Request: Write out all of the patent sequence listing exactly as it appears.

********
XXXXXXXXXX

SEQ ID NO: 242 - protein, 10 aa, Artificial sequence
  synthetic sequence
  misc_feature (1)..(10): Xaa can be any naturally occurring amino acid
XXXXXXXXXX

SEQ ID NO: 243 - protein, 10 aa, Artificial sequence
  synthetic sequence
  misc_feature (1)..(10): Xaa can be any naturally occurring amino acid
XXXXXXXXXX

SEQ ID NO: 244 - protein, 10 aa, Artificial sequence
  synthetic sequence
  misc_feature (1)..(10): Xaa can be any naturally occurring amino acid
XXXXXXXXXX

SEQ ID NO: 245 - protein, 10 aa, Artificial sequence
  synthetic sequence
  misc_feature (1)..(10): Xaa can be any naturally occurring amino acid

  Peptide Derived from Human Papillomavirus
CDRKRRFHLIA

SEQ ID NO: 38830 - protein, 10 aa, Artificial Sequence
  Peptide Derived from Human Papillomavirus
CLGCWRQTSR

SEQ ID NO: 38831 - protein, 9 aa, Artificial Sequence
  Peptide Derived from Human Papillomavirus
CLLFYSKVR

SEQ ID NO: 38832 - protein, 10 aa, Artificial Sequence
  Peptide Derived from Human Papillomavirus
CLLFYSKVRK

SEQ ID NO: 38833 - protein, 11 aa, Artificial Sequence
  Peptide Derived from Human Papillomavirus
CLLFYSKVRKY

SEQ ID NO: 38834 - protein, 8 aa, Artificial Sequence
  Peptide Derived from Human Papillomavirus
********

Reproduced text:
XXXXXXXXXX

SEQ ID NO: 242 - protein, 10 aa, Artificial sequence
  synthetic sequence
  misc_feature (1)..(10): Xaa can be any naturally occurring amino acid
XXXXXXXXXX

SEQ ID NO: 243 - protein, 10 aa, Artificial sequence
  synthetic sequence
  misc_feature (1)..(10): Xaa can be any naturally occurring amino acid
XXXXXXXXXX

SEQ ID NO: 244 - protein, 10 aa, Artificial sequence
  synthetic sequence
  misc_feature (1)..(10): Xaa can be any naturally occurring amino acid
XXXXXXXXXX

SEQ ID NO: 245 - protein, 10 aa, Artificial sequence
  synthetic sequence
  misc_feature (1)..(10): Xaa can be any naturally occurring amino acid

  Peptide Derived from Human Papillomavirus
CDRKRRFHLIA

SEQ ID NO: 38830 - protein, 10 aa, Artificial Sequence
  Peptide Derived from Human Papillomavirus
CLGCWRQTSR

SEQ ID NO: 38831 - protein, 9 aa, Artificial Sequence
  Peptide Derived from Human Papillomavirus
CLLFYSKVR

SEQ ID NO: 38832 - protein, 10 aa, Artificial Sequence
  Peptide Derived from Human Papillomavirus
CLLFYSKVRK

SEQ ID NO: 38833 - protein, 11 aa, Artificial Sequence
  Peptide Derived from Human Papillomavirus
CLLFYSKVRKY

SEQ ID NO: 38834 - protein, 8 aa, Artificial Sequence
  Peptide Derived from Human Papillomavirus